Life’s greatest lessons are learnt at the most difficult times when we are the most vulnerable. 2021 has been one such year which taught us ‘what to do’ and ‘what not to do’. But more than that it taught us the values like resilience, gratitude and hope. Sharing some lessons from the fields in Sukma that are defining how we move ahead as an organization and collective:

  1. “Wisdom comes in all forms” In a world where we confuse familiarity with intelligence, we have stopped appreciating wisdom. We always been overwhelmed by the knowledge and resilience of the indigenous communities. The way they have handled Covid situation is something to learn from; be it community restrictions, delegating responsibilities, collective decision making and unfortunately sometimes collective resistance to vaccination and testing. Their ability to survive and sustain during lockdowns because of their minimalistic and sustainable lifestyle is a learning for the entire world. Their houses, the cleanliness, the local  knowledge, their kindness, and culture has been our most significant life lesson. The experiences have made us understand how civilized and resilient the communities are. We often wonder why the tribal communities  are often seen as the “uncivilized ones” who need to be civilized.
  2. “Love is a magical language”Communication plays a vital role in building a relationship between  a child and teacher. But, what will happen if the teacher and a student don’t understand each other’s language? This is exactly what was experienced by our team member Jaspreet in her school. The students didn’t understand her language and she couldn’t understand theirs. To overcome this challenge she chose the universal language of love, laugh and learn. Thus, this magical language helped her to break the boundaries and come forward to learn and explore from each other.
  3. “Sense of possibility and responsibility can make any change happen”After weeks of searching and still not finding enough resources,   we all had given up the idea of  painting our school walls. And one morning to our surprise we saw a young child creating a beautiful drawing on the wall. This scene amazed all of us. All of the time we have been searching outside and the creator was in the school. The students who are often considered us the knowledge receivers have become the contributors here. They taught us the life lessons of limitless possibilities and a sense of responsibility.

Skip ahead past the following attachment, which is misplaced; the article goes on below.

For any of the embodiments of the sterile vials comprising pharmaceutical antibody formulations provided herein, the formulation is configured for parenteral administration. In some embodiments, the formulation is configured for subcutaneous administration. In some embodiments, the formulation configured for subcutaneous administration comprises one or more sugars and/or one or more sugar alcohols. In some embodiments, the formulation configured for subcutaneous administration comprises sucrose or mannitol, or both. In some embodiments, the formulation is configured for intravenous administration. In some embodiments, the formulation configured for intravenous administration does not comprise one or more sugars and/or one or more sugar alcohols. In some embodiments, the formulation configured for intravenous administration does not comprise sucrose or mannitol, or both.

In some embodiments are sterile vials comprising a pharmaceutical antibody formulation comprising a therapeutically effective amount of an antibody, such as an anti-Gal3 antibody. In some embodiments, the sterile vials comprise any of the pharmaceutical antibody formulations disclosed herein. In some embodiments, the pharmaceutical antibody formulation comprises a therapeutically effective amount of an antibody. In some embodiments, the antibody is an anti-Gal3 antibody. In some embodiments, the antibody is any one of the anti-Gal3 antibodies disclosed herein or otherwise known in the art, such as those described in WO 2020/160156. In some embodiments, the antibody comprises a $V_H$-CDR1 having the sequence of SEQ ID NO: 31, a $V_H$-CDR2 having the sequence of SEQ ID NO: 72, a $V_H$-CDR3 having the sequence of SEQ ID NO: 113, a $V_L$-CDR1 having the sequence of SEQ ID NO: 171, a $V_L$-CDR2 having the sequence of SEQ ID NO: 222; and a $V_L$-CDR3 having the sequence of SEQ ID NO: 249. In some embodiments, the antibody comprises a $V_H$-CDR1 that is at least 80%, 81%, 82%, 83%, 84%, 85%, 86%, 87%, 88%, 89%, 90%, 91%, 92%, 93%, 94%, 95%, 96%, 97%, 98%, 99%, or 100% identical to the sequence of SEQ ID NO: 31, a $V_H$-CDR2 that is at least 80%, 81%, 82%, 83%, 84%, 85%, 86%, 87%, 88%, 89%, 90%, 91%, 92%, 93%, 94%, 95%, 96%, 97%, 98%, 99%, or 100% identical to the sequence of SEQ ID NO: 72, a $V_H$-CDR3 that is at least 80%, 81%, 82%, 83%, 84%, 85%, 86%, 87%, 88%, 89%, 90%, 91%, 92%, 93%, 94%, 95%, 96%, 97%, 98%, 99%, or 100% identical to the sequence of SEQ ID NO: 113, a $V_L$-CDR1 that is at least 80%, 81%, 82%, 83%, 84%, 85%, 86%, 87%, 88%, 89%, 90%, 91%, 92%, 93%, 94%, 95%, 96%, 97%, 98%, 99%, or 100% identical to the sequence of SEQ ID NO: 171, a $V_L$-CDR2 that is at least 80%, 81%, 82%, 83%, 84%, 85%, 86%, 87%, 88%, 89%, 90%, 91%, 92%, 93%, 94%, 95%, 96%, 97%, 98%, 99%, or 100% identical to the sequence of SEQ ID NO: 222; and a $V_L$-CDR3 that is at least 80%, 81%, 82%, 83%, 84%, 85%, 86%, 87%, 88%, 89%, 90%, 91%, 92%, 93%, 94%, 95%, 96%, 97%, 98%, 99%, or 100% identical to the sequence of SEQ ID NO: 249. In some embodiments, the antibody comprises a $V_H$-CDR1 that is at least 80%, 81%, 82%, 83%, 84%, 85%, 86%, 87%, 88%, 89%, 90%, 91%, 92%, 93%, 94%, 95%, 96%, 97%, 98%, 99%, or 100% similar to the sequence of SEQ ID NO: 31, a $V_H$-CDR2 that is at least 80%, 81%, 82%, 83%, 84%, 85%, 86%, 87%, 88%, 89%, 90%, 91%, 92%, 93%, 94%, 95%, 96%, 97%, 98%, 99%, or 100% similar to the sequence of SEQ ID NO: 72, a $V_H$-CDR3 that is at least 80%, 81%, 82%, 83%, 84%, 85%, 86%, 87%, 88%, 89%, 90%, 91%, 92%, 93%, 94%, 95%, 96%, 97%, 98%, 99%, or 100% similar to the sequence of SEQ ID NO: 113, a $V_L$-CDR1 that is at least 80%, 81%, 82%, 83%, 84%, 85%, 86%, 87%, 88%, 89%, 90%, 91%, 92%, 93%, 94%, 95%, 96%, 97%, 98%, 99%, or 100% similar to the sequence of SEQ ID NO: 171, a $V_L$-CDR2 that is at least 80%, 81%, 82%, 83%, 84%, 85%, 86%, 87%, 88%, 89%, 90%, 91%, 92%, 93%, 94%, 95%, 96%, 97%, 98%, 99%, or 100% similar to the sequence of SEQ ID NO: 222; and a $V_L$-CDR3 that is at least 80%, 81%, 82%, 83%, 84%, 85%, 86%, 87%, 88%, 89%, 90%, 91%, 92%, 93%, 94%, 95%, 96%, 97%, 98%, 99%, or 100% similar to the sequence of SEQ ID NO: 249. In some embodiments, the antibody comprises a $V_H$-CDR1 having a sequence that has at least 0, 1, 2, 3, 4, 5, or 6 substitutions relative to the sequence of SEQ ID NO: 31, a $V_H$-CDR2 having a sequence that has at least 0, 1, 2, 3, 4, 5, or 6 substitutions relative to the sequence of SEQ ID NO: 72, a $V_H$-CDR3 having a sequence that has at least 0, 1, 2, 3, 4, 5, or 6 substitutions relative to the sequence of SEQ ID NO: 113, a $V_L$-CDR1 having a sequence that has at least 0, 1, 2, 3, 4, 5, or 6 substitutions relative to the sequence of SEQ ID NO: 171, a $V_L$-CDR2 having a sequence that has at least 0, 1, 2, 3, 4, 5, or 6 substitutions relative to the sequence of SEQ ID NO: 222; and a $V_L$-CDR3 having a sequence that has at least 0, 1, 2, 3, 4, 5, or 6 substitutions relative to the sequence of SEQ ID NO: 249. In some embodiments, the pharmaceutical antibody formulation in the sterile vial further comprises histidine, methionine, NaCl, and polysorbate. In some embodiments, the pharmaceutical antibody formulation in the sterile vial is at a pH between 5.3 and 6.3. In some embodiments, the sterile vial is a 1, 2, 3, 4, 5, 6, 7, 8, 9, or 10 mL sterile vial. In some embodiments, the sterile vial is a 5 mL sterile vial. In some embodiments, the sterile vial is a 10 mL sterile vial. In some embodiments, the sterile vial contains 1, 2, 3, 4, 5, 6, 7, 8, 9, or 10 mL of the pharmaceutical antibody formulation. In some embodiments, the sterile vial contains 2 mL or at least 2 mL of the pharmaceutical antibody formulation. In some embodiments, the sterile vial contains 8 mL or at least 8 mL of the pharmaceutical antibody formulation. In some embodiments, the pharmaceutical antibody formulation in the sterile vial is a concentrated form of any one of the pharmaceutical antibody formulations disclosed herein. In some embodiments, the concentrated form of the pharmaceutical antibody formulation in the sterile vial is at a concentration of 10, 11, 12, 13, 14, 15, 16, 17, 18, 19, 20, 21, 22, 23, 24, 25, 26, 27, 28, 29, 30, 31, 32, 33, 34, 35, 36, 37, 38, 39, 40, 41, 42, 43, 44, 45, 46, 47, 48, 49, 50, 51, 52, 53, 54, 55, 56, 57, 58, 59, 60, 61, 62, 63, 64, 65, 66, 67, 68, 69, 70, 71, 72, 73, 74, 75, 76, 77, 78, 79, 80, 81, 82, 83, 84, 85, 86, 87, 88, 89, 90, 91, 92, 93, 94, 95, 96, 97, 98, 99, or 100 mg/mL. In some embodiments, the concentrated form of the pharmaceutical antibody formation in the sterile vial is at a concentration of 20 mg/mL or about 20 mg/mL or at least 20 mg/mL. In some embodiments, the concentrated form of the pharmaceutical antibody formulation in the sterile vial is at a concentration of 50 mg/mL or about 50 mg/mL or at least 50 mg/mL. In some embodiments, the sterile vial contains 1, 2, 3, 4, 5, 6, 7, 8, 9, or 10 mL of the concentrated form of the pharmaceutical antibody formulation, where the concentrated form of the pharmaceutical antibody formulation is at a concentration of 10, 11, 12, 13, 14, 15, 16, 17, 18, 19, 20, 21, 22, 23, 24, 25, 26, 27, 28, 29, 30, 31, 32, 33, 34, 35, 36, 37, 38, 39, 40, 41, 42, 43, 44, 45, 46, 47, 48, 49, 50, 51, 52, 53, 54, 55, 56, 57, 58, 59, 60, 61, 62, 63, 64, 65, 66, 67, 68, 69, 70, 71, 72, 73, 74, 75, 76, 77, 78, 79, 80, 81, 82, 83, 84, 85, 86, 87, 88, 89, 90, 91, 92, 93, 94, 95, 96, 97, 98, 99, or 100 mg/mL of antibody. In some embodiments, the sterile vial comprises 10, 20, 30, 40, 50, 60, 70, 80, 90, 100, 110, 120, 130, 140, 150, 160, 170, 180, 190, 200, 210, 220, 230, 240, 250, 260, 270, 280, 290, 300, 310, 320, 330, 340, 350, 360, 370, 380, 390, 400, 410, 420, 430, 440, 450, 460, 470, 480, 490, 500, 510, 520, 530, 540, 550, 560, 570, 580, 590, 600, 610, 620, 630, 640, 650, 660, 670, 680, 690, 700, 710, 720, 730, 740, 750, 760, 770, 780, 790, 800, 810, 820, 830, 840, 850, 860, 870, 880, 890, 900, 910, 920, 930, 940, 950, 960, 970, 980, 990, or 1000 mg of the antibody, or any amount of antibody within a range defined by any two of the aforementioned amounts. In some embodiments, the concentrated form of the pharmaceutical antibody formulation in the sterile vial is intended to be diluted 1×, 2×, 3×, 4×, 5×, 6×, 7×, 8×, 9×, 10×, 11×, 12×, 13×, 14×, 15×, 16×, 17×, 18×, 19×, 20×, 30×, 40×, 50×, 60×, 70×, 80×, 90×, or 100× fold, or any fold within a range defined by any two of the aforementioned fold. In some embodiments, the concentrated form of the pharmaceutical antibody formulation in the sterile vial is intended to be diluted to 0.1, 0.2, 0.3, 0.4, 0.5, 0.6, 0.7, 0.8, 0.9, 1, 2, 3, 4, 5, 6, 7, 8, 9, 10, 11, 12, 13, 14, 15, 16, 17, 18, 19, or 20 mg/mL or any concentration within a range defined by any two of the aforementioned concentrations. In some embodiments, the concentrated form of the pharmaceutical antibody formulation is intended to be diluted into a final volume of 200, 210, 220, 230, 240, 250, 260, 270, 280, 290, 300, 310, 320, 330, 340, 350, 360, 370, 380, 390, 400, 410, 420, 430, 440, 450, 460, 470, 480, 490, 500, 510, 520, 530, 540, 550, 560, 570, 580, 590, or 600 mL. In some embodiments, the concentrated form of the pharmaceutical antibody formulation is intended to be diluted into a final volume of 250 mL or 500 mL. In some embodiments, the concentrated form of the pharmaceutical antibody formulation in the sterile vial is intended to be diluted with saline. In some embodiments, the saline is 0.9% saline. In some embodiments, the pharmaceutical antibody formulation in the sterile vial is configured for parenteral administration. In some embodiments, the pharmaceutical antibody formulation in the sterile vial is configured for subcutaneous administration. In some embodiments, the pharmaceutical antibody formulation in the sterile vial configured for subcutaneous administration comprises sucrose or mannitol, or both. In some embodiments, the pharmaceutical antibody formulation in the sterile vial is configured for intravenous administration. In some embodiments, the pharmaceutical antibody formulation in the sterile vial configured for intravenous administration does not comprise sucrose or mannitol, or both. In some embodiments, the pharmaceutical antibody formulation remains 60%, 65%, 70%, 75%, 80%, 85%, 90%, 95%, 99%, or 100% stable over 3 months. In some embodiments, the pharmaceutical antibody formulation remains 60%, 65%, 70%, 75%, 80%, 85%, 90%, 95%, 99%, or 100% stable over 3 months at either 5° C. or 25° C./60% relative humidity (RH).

4. “Every child deserves a Safe Childhood”

    In one of his regular classrooms, our team member Fahim asked his students to draw something out of stones. To his shock, most of them drew weapons, guns, bullets, soldiers in uniforms and a local man with arrows and a bow. This particular incident shows the impact of adverse childhood environments on the psyche of these  children. It made us think and work on how a school can be a safe space first before becoming an institute of providing education .

  5. “Never underestimate the power of  passion”Our team member Piyush is a graduate in physical education and a sports player too. The stadium in Sukma didn’t give him much hope on the sports side  regarding the sports abilities the people might have here. His  perception changed soon when one of his students played kho kho so well that it crossed his expectations. His field experiences have won over his theoretical knowledge. From then on we learnt that the size of a stadium can not decide the potential of a place. Here, the passion to learn is higher than the material resources.